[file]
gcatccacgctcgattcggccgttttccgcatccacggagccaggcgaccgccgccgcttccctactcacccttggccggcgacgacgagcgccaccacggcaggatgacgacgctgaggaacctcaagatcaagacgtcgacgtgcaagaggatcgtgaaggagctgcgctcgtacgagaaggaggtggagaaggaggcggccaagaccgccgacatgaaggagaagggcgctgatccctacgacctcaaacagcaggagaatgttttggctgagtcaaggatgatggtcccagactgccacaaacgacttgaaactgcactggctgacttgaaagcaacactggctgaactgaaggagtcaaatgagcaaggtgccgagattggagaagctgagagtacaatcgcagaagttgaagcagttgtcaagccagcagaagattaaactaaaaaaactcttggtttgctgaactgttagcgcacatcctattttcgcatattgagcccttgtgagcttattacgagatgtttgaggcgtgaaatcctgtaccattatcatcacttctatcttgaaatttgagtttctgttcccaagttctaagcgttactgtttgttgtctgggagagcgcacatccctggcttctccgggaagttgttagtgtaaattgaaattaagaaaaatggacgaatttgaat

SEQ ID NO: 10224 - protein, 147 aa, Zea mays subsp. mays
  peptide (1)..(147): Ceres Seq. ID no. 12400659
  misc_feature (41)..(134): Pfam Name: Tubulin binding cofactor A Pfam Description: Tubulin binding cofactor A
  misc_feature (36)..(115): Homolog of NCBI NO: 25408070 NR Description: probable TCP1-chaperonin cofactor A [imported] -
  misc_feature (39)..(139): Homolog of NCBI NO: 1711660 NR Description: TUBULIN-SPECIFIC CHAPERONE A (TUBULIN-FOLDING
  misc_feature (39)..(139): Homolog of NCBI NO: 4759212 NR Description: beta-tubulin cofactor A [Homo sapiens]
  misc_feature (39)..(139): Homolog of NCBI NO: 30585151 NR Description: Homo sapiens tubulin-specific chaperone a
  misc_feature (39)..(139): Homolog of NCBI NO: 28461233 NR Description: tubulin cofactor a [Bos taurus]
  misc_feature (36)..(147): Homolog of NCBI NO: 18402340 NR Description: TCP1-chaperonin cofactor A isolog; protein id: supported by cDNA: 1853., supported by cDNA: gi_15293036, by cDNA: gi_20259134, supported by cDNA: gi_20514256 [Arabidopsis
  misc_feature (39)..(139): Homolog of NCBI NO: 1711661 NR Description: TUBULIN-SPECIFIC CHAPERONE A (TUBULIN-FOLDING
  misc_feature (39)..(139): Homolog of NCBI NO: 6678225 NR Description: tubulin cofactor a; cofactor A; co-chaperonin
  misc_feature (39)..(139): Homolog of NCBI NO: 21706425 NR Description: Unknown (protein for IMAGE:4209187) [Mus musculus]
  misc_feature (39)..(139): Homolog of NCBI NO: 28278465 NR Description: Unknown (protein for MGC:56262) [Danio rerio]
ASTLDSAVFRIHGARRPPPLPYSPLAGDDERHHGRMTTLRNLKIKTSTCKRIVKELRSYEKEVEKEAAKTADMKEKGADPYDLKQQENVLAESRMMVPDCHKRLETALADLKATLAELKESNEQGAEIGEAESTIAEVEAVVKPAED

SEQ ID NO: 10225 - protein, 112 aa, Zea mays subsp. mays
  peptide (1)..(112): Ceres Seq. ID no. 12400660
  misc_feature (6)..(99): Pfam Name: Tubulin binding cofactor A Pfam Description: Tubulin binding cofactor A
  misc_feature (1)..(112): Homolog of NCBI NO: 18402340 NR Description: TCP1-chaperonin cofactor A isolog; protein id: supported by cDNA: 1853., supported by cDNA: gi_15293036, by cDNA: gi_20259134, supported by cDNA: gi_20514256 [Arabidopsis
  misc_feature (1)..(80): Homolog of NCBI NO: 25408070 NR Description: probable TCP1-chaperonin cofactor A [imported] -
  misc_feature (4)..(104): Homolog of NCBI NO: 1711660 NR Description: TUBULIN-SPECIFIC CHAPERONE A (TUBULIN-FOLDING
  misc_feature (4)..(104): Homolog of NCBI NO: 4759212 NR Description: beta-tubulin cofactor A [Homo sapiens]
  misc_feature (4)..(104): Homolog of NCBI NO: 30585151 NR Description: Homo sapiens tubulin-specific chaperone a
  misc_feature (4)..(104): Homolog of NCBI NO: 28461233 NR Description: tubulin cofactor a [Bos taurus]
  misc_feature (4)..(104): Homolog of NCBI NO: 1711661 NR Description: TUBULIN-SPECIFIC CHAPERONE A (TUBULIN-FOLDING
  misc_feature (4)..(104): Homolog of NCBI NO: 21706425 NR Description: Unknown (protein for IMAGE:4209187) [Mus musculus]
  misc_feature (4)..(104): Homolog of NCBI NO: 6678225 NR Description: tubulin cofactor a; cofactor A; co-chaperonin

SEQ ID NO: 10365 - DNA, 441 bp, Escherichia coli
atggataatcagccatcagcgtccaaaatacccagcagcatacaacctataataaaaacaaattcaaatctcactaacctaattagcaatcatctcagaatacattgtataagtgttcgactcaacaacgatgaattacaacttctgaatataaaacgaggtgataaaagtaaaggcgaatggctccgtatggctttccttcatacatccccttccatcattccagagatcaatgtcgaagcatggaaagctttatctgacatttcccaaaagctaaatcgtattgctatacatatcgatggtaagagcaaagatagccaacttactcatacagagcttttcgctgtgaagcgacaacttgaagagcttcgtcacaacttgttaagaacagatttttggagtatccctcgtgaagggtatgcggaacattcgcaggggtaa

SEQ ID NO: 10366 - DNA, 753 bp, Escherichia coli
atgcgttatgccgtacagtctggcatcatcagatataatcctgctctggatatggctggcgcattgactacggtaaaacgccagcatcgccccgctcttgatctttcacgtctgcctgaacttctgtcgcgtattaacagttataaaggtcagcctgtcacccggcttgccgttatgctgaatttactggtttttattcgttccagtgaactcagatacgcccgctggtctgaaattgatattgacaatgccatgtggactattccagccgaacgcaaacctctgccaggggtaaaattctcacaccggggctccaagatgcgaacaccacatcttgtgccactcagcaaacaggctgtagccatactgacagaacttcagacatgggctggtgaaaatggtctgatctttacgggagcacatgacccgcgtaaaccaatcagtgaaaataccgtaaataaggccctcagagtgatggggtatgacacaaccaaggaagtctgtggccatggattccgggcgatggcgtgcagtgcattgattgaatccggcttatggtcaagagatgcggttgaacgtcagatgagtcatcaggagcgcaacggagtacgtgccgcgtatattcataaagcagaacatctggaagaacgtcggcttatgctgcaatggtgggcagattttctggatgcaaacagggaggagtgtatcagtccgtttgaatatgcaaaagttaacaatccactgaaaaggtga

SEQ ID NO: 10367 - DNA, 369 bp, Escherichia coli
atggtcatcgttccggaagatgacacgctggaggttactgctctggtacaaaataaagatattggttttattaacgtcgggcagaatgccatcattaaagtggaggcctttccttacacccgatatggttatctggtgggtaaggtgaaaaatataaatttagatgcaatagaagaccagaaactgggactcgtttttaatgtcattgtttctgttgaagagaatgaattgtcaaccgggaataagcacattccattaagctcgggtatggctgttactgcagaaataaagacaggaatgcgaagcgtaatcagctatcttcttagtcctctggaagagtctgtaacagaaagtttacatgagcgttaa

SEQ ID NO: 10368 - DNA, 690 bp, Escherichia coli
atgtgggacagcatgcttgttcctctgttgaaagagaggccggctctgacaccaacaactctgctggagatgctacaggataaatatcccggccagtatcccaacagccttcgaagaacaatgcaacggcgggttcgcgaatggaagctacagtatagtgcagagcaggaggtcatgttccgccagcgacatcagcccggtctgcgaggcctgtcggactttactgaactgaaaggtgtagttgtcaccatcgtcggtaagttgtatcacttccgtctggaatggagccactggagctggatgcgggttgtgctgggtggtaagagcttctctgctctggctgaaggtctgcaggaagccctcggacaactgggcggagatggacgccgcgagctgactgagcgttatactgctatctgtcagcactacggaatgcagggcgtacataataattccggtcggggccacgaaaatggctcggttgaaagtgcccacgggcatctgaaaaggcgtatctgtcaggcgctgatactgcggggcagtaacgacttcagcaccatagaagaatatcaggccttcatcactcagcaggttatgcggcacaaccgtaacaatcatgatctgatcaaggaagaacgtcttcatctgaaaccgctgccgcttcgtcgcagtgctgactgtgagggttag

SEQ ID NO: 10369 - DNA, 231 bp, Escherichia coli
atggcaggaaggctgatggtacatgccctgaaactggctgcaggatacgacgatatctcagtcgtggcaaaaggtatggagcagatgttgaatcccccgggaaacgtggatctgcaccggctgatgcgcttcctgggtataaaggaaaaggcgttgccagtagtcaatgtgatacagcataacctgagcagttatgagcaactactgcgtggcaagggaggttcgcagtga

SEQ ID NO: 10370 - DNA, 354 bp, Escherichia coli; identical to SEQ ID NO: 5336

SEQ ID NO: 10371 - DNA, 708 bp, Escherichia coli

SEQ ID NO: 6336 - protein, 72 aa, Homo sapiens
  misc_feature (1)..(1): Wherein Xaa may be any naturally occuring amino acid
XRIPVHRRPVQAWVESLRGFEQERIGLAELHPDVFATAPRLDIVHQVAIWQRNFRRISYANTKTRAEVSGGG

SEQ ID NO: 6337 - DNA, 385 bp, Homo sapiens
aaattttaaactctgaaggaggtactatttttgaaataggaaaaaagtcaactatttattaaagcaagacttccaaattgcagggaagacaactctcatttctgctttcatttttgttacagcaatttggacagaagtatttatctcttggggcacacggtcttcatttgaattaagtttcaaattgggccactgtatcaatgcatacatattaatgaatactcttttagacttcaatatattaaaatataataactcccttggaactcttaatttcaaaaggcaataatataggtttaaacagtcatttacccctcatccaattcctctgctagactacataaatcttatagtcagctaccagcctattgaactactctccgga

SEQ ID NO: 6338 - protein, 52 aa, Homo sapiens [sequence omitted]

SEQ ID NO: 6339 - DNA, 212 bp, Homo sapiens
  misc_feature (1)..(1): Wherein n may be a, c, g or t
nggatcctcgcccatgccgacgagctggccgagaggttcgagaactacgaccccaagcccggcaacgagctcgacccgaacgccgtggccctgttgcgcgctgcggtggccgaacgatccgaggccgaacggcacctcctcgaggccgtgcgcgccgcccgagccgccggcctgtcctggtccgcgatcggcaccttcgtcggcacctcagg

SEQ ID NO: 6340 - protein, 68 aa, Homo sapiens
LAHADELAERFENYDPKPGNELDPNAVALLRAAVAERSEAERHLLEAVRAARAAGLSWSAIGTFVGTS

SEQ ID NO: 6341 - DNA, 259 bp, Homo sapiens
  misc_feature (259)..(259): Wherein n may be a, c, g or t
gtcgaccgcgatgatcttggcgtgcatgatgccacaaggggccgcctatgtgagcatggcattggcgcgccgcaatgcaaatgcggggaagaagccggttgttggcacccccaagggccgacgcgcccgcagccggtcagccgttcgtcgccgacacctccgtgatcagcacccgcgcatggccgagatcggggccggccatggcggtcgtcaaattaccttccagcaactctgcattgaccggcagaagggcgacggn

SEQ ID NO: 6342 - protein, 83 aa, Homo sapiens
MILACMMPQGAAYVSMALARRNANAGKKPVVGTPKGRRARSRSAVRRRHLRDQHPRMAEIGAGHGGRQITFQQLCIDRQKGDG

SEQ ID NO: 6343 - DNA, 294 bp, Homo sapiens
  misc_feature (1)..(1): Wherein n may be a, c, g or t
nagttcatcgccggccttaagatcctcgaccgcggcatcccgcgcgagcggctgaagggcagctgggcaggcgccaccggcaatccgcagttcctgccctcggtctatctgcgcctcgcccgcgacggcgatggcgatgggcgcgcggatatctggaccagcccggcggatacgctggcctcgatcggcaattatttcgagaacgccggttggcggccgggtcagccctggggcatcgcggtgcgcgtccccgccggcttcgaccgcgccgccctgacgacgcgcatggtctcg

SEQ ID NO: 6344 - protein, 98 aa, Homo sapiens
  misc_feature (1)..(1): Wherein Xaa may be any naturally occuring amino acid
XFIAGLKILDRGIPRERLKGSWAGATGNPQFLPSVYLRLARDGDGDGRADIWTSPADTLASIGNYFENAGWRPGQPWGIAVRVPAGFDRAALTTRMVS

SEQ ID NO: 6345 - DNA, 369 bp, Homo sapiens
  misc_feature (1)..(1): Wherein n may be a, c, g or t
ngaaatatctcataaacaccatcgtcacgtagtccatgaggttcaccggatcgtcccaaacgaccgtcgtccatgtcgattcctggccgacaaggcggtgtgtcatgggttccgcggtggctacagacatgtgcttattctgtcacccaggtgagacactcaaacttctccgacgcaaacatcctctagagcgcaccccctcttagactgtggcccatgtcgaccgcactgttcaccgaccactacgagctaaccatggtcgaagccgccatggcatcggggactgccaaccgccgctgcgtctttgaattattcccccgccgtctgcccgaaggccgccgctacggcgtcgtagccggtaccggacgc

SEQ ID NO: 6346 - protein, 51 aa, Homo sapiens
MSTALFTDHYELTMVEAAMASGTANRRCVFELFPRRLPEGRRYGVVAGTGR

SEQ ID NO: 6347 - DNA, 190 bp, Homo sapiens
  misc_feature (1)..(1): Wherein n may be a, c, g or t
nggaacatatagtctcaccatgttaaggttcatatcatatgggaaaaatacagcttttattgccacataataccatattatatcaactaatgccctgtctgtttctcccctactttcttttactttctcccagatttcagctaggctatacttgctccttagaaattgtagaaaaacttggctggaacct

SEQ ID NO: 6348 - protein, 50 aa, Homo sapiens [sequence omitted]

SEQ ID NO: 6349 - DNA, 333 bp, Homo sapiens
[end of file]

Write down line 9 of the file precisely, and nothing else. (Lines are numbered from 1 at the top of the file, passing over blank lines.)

  misc_feature (39)..(139): Homolog of NCBI NO: 28461233 NR Description: tubulin cofactor a [Bos taurus]